Demand Still Strong for Smaller Ships


The demand for smaller containerships is set to carry on in the near future as larger ships are only applicable for a select number of trade routes, due to land-restrictions on most other trades, according to the latest Container Insight Weekly Report released by Drewry Maritime Advisors.

There are approximately 5,200 containerships sailing between ports worldwide and around 85% belong to the sub 8,000 TEU sector.

Ships of 8,000 TEU and above currently account for 41% of the total fleet and with around 90% of the orderbook residing in that sector, it is only a matter of years before they take ascendency and will depend on how many of the smaller ships are scrapped.

PTI previously reported Drewry as saying that ship scrapping is slowing and that it is not the answer to the industry’s overcapacity issues.

Out of the 12 deep-sea trades, only three currently are served by average ships of above 8,000 TEU.

As more of the physical restrictions are lifted, including the Panama Canal expansion, which is due to be completed in April, 2016, the average size of ships on these trades will continue to rise, some faster than others.

Average size in teu of containership deployed by trade, November 2015. (Source: Drewry)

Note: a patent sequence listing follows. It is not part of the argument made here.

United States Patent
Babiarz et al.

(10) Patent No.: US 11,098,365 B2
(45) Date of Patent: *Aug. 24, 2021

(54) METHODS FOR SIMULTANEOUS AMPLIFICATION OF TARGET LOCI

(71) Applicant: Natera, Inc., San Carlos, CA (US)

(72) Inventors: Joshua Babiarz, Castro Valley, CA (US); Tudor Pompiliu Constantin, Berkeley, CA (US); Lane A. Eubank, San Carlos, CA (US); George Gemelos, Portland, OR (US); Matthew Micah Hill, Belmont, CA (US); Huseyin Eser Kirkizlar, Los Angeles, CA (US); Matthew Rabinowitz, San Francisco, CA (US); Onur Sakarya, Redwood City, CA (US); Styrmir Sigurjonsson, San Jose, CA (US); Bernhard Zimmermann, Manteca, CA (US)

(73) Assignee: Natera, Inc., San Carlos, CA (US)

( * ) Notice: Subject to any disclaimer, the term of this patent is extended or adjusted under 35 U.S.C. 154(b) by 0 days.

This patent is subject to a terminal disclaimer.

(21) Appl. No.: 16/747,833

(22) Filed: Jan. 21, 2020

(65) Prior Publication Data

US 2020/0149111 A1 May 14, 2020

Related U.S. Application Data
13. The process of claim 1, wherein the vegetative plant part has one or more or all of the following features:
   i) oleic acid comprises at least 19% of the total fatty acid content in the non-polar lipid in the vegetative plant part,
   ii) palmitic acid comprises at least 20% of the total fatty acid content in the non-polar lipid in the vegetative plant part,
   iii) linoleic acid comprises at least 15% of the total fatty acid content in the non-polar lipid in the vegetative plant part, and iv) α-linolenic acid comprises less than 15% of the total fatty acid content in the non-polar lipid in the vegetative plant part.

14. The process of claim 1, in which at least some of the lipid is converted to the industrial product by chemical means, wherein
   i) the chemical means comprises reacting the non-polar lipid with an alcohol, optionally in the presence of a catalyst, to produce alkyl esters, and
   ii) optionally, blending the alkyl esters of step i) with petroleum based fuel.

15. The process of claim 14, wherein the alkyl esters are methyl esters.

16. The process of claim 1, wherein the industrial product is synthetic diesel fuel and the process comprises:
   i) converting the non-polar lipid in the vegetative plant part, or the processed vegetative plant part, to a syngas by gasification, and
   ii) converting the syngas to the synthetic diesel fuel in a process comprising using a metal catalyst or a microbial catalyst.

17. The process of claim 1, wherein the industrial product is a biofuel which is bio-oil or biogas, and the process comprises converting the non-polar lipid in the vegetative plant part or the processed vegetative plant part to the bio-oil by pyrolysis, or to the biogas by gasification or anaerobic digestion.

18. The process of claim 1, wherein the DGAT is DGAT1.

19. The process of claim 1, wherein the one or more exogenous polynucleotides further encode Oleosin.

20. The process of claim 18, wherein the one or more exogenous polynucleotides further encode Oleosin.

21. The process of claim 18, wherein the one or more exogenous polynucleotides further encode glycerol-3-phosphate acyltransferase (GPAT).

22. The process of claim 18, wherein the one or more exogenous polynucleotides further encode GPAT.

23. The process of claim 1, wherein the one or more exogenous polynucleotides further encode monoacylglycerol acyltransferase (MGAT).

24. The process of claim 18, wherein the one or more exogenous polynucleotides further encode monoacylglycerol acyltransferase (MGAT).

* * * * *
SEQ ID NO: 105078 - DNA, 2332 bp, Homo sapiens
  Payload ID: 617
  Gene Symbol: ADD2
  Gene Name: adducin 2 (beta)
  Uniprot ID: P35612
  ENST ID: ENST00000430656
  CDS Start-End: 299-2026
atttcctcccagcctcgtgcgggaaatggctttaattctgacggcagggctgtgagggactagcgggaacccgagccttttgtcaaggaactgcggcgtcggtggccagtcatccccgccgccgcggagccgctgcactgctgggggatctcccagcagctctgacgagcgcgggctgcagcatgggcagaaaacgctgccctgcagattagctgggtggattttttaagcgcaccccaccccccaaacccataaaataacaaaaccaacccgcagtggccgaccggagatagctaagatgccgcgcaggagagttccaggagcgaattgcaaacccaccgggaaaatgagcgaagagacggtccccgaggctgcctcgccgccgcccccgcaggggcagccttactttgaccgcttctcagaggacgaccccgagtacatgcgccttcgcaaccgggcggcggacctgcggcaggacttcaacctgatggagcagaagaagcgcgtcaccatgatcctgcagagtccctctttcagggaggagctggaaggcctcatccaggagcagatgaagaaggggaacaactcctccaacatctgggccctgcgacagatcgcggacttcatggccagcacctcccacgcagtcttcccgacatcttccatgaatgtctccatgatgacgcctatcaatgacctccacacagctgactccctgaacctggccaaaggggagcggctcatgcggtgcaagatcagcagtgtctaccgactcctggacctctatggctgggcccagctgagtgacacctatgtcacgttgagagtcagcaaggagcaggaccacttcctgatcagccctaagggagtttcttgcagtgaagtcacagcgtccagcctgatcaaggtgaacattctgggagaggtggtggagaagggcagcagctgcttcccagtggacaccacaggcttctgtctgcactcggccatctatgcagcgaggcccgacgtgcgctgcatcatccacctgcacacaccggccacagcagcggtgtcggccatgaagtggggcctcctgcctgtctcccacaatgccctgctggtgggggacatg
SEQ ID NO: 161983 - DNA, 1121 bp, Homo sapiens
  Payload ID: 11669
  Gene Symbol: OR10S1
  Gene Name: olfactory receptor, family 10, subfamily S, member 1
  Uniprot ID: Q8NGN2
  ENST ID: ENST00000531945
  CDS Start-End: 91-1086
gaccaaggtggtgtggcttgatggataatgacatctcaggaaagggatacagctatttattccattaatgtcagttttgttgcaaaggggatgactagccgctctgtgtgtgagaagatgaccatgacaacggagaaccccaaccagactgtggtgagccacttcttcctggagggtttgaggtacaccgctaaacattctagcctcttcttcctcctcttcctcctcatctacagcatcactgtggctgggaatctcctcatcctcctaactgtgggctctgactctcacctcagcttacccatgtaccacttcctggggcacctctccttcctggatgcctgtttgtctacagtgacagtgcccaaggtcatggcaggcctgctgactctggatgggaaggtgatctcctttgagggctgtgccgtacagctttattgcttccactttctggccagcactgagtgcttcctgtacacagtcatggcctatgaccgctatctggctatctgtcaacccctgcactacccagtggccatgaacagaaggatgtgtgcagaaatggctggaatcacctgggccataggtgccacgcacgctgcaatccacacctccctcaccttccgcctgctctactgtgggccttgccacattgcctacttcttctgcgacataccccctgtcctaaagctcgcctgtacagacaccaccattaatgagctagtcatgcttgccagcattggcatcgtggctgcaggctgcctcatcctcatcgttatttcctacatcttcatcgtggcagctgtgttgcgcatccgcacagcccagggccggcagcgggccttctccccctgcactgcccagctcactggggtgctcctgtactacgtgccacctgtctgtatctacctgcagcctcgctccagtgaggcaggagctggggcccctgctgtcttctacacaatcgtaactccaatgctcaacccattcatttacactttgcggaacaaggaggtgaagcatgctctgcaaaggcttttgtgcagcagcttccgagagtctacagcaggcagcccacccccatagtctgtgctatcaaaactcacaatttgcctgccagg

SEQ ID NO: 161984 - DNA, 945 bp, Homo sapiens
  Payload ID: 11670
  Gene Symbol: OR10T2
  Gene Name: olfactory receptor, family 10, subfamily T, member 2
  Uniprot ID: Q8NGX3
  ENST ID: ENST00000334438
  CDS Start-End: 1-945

Drewry believe this to be a gradual process and in the meantime ships of 8,000 TEU or less will continue to be required on the lower-volume, intra-regional and domestic trades that cannot yet accommodate the bigger vessels.

Such categorisation of ship sizes has only become valid in the last 12 years as before 2003 all containerships were below the 8,000 TEU threshold.

The super-sizing of containerships has seen the maximum size jump by 138% to over 19,000 TEU, with even bigger units on their way.

Drewry argue that while there are many more of the smaller 8,000 TEU ships physically out on the water when measured by TEU, the ratio is moving towards the bigger units.

With no scrapping or change to the current delivery schedule, the capacity of 8,000 TEU and above ships will overtake the 8,000 TEU or less units during 2019.

The most popular ship sizes within the entire 2015 order book have been those between 1,000-1,999 TEU and 2,000-2,999 TEU, both of which have received orders for 29 units.

The next most popular is the 19,000-19,999 TEU range with 25 new orders.

Drewry View: Bigger ships are drawing much more investment and attention but that doesn’t mean the smaller ships are being ignored, or are not needed.

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